There was a fake neighbourhood built on top of Boeing factory that no one knew and it looked super realistic!

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During World War II, one B-17 Bomber cost over $200,000 to produce, the equivalent to $3-$4 million in today’s economy. Since the United States ordered thousands of these Bombers, every measure was taken to protect the Boeing factory that produced them, including hiring Hollywood set designer, John Stewart Detlie to build a fake neighbourhood on top of the factory and several actors to inhabit the fake residences.

The fake neighbourhood was built in 1944 to protect the factory from any potential air strikes. It was removed a year after the war ended. Using the same techniques to set up a movie set, Detlie had designed and constructed streets, sidewalks, trees, fences, cars and houses which were all fake to fool the attackers.

At first glance, it looks like a typical day at a small village with several people enjoying the sun 

The truth is, there was a big military secret – a Boeing factory – underneath the ‘peaceful town’

During World War II, the U.S. Army built the fake neighbourhood to conceal the Boeing factory from the attackers’ sights

On top of the factory, the trees and structures are built shorter than a person

The trees are made of wires of chicken feathers

Fake street signs are also erected to give a more realistic look to the fake neighbourhood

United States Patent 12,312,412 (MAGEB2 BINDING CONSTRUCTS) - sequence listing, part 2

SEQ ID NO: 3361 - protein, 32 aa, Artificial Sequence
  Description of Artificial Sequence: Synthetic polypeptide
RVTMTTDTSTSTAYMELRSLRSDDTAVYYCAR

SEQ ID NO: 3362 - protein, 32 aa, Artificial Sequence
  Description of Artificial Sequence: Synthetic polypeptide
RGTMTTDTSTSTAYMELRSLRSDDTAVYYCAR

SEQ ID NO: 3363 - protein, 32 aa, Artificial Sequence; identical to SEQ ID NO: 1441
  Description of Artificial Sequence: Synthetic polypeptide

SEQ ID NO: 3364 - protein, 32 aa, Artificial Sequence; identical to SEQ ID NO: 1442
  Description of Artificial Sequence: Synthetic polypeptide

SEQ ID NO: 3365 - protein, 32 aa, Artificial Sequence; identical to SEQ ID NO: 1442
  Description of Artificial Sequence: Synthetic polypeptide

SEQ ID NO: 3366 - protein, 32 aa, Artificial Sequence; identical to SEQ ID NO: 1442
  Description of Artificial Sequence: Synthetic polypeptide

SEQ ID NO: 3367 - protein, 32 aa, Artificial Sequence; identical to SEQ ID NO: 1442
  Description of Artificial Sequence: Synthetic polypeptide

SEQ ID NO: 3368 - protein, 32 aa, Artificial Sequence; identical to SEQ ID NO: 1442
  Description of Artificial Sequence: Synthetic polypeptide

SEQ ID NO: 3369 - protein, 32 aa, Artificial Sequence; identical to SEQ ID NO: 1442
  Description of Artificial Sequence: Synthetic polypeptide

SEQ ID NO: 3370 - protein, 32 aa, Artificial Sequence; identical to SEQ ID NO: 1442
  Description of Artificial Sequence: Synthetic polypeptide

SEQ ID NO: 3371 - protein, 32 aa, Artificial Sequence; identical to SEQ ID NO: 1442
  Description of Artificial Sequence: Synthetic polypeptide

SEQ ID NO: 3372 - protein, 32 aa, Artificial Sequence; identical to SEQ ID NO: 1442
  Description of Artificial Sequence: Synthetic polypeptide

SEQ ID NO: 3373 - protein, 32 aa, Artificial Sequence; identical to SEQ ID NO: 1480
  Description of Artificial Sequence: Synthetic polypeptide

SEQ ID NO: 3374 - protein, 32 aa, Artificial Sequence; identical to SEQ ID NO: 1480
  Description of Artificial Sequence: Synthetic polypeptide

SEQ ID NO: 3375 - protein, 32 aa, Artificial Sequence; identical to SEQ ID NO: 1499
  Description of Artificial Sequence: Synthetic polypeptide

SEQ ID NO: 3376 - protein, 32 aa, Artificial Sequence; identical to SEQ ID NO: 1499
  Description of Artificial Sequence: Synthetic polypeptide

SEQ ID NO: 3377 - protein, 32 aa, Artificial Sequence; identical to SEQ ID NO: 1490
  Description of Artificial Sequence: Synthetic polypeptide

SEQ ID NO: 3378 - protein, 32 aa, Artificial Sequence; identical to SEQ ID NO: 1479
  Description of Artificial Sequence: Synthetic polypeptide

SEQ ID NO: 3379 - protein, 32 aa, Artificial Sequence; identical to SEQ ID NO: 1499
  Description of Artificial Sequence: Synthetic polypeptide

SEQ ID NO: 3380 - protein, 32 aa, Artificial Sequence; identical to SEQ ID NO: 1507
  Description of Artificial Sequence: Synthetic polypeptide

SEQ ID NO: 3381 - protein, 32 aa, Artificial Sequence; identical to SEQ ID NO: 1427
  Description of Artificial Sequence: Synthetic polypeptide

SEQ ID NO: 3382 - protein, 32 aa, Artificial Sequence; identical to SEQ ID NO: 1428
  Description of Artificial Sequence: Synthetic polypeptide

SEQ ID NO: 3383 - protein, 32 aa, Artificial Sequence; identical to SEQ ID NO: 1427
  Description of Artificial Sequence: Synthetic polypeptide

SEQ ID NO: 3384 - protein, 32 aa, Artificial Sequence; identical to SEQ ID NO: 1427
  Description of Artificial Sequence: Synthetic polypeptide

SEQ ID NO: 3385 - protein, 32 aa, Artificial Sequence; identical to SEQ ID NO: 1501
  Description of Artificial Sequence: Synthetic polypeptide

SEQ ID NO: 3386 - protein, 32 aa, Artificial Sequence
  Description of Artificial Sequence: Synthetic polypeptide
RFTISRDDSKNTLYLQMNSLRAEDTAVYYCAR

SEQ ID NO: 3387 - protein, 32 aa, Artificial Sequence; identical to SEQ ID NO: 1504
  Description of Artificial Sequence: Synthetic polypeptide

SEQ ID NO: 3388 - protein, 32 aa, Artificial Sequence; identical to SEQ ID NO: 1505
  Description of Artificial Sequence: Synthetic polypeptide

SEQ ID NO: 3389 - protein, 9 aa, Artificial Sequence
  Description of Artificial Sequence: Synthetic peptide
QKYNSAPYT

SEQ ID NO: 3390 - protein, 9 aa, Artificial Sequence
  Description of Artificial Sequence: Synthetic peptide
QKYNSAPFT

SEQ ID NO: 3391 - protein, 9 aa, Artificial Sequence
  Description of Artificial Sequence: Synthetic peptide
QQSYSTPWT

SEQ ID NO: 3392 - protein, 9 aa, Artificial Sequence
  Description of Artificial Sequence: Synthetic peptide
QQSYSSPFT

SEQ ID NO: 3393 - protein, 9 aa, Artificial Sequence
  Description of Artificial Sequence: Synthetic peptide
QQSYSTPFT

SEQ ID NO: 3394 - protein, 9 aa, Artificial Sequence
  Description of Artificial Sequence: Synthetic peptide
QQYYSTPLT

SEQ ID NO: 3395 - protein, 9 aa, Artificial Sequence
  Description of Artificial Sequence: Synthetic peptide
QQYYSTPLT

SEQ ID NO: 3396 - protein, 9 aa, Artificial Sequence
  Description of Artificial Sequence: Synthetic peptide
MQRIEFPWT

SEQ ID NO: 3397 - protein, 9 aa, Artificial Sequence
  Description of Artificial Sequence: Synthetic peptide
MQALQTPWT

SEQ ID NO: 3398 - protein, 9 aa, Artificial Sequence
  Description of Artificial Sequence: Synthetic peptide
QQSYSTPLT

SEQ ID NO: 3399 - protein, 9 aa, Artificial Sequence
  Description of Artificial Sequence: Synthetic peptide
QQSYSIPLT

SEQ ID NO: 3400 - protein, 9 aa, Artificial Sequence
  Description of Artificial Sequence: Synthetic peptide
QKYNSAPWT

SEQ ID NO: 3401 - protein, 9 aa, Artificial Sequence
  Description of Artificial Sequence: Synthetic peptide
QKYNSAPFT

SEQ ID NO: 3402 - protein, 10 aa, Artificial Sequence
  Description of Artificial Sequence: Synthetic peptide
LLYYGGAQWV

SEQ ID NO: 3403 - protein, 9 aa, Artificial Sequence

Suzette Lamoureaux and Vern Manion examine one of the miniature bungalows in the “Boeing Wonderland”

Structures that look like cars if seen from overhead are parked along the street

An aerial view of the camouflage on top of Boeing Plant 2 shows that the fake streets of the neighbourhood were aligned with the real streets of nearby residential neighbourhoods

Joyce Howe, and behind her Susan Heidreich, walking over the camouflaged Boeing Plant 2

Aerial photo of the factory which was taken in either 1944 or 1945 was taken around 5,000 feet

Thousands of Boeing workers gather in front of Boeing Plant 2 for ceremonies of the changeover from B-17 to B-29 production on April 10, 1945

The first B-52A is rolled out at Boeing’s Seattle plant on March 18, 1954. In order to clear the hangar doorway, the plane’s 48-foot-high tail had to be folded down

The 5,000th celebration at Boeing Plant 2

B-17G Flying Fortress cockpits under construction

This is how it looks like in the factory back in wartime

How Boeing Plant 2 looks like now

Watch the video below to see how they built the fake neigbourhood to look like a realistic neighbourhood

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